National Behavioural Surveillance Survey 2007-08 Report from Myanmar On Injecting Drug Users and Female Sex Workers

Background: To monitor the trajectory of the HIV epidemic among higher risk groups the National AIDS Programme (NAP) has a two prong surveillance system which consists of HIV sentinel serosurveillance and behavioural surveillance surveys (BSS). Both are critical components for assessing and evaluating the overall impact of the national response to HIV and AIDS. The previous round of BSS, in 2003, were conducted among the general population. Between late 2007 and the first quarter 2008, BSS was conducted in female sex workers (FSW) and injection drug users (IDU), for first time by the NAP.


Method: The NAP employed respondent driven sampling (RDS), as a new method appropriate for the recruitment of hidden populations such FSW and IDU. This method relies on participants who meet the eligibility criteria to recruit their friends for the survey, and uses special statistical methods
for the analysis of this type of chair-referral samples. Survey sites included Yangon, Mandalay, Lashio and Myitkyina for IDU; and Yangon and Mandaly for FSW. Each FSW site had 275 respondents, while 225 IDU participated in each IDU survey site. Data collection for each site took approximately 2 months.


Results: Both sites attempted to sample FSW across different typologies. Assessment of network recruitment patterns suggested that in Mandalay, FSW recruited primarily from their own type, resulting in separate chains of recruitment. The distribution of types of FSW in the Mandalay sample is influenced by patterns of recruitment, and may not represent the actual proportion of different
typology of FSW in the population. In Yangon, FSW participating in the survey recruited was not as strongly associated with typology. In part this reflects that a large percentage of FSW in Yangon solicited from multiple types of venues.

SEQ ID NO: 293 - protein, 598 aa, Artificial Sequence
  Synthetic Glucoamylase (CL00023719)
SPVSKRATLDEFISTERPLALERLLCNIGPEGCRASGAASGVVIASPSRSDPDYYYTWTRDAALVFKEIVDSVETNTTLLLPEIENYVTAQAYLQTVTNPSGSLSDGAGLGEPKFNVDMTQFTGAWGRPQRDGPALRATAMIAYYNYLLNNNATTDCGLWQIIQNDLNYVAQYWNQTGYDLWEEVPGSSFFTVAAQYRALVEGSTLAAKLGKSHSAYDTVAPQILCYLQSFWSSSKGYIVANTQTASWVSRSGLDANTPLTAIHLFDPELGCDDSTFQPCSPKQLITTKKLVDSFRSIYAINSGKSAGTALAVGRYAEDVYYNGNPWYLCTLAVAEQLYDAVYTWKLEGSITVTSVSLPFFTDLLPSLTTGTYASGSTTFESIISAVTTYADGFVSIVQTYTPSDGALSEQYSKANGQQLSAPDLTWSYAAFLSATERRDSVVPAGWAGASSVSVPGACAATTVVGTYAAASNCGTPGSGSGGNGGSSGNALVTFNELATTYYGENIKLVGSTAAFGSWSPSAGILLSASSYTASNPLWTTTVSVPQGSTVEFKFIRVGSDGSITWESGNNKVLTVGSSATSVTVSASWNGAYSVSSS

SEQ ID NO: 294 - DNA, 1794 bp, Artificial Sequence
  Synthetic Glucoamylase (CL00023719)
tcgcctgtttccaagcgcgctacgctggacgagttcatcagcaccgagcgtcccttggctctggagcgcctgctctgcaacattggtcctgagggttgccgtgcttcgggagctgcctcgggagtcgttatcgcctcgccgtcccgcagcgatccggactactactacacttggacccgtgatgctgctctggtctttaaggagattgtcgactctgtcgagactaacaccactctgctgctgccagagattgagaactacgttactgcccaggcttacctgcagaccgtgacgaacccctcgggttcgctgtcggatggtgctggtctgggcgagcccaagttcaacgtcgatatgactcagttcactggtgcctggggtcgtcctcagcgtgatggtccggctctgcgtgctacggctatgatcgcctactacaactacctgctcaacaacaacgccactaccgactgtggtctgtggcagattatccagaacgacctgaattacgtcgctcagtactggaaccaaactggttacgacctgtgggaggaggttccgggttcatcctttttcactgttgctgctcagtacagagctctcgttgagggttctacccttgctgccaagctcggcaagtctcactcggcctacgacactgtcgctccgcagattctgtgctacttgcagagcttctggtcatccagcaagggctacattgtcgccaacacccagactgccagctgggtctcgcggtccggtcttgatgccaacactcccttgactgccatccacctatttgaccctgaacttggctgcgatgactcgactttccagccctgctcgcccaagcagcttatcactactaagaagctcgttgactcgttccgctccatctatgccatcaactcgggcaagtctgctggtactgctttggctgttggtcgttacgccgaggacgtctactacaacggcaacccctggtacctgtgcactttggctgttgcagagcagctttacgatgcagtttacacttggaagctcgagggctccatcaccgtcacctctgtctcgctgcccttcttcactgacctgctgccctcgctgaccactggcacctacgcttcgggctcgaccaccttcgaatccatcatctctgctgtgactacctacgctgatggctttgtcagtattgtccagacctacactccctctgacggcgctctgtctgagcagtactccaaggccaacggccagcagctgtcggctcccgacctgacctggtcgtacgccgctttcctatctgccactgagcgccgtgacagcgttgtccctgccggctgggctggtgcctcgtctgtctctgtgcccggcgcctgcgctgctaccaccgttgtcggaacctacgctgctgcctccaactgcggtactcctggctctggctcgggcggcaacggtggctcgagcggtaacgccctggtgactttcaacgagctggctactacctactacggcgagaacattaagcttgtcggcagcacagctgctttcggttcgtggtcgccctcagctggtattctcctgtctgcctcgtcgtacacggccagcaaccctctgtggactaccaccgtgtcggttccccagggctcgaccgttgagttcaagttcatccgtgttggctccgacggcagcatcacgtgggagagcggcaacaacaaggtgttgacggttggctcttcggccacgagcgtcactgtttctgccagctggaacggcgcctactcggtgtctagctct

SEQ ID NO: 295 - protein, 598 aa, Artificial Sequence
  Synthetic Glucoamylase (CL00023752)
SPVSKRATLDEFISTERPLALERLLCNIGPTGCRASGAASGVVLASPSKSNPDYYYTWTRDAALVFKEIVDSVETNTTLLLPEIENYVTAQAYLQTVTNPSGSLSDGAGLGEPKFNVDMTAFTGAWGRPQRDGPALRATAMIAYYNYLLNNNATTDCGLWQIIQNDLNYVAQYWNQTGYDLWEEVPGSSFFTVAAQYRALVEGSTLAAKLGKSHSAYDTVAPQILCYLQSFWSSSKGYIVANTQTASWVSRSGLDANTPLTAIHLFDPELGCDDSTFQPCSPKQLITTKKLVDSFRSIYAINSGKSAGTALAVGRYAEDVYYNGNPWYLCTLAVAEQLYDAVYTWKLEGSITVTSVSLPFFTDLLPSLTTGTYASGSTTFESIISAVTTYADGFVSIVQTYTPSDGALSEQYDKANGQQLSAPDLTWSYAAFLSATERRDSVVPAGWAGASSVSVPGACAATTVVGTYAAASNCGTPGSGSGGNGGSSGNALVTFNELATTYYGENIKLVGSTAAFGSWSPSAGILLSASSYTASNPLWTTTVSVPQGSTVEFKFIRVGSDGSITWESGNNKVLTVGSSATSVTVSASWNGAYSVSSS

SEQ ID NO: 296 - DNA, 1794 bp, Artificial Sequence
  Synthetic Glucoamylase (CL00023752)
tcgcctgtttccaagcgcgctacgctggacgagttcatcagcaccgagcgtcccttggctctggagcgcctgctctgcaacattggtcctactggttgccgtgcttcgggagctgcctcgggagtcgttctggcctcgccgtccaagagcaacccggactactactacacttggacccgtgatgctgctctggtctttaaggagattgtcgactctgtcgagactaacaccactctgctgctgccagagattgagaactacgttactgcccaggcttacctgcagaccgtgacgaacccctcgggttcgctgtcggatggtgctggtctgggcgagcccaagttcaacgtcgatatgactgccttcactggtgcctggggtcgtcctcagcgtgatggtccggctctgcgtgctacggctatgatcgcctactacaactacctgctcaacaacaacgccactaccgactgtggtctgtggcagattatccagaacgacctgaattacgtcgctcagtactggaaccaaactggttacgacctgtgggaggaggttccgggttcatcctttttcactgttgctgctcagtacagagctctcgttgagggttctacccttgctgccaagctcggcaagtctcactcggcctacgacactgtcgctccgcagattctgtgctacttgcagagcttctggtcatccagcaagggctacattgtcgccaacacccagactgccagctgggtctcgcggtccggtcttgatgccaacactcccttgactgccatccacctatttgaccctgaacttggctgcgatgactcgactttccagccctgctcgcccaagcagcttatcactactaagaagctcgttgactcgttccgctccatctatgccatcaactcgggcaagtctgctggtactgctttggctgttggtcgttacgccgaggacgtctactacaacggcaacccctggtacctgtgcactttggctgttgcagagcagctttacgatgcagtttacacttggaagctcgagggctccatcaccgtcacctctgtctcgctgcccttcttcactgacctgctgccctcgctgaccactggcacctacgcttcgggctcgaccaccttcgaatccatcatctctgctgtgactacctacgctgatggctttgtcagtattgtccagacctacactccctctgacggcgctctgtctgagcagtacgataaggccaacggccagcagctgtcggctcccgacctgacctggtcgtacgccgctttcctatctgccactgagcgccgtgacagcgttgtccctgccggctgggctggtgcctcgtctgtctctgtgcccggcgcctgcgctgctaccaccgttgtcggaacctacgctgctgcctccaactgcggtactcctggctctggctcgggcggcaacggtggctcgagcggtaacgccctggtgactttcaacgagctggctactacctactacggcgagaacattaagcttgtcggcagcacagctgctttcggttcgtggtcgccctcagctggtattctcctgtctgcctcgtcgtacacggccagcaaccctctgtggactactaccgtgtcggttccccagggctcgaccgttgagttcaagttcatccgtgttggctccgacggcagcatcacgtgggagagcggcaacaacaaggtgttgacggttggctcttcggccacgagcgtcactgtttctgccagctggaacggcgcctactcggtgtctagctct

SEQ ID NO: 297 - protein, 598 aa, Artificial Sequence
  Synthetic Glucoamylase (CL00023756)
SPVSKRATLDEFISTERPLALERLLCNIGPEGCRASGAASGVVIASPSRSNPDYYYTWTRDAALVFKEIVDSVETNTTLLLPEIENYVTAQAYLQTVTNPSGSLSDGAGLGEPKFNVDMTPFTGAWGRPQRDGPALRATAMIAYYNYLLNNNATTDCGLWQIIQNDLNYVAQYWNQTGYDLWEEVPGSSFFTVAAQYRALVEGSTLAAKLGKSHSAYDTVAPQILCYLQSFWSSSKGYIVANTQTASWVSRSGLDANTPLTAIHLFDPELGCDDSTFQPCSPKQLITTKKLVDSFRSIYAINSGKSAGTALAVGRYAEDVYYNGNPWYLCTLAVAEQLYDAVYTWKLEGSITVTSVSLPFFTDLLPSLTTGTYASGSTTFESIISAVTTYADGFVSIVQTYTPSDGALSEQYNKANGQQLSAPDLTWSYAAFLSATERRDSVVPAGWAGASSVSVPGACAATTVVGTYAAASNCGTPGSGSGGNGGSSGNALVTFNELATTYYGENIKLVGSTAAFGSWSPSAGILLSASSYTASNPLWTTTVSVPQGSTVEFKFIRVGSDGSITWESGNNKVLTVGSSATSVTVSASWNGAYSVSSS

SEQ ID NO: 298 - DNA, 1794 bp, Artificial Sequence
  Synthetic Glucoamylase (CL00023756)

In the Mandalay survey, FSW were slightly younger (median age of 25) than in the Yangon sample (median age >30); and were equally distributed across brothel, street, and entertainment based sex work. In Yangon, more than half of the FSW in the sample soliticted at street based venues. The median age of starting sex work was 23 years in Mandalay and 24 in Yangon.

Higher risk intensity was found among Mandalay sex workers, more than one third of respondents had more than 10 clients in the last week, compared to less than 10% in Yangon. Condom use was reported as very high among FSW in Mandalay (97% always or almost always used condoms) and moderately high in Yangon (83%). Despite high reported condom use levels, more than half of FSW in Mandalay and Yangon reported either a genital ulcer or discharge in the last year. Treatment seeking among those with a genital ulcer or discharge was moderately high (>70% in Yangon, and >60% in Mandalay). The vast majority sought treatment at a clinic, rather than self medicating or using other types of medical care.

Patterns of intervention coverage varied between FSW in the Mandalay and Yangon surveys. In Mandalay, 48% of respondents had gone to an NGO clinic, 20% had been to another type of private clinic, and 68% had been contacted through outreach. In Yangon, a much higher proportion (72%) visited an NGO clinic and only 44% had been contacted through outreach. Private clinics were not commonly visited by respondents in Yangon. A majority of FSW respondents reported having an HIV test in the past 6 months (Yangon 74%, Mandalay 62%). The most common place for testing was an NGO clinic.

Executive summary authors' own.

Year of publication: 
2008
Theme: 
Health and HIV
Author: 
National AIDS Programme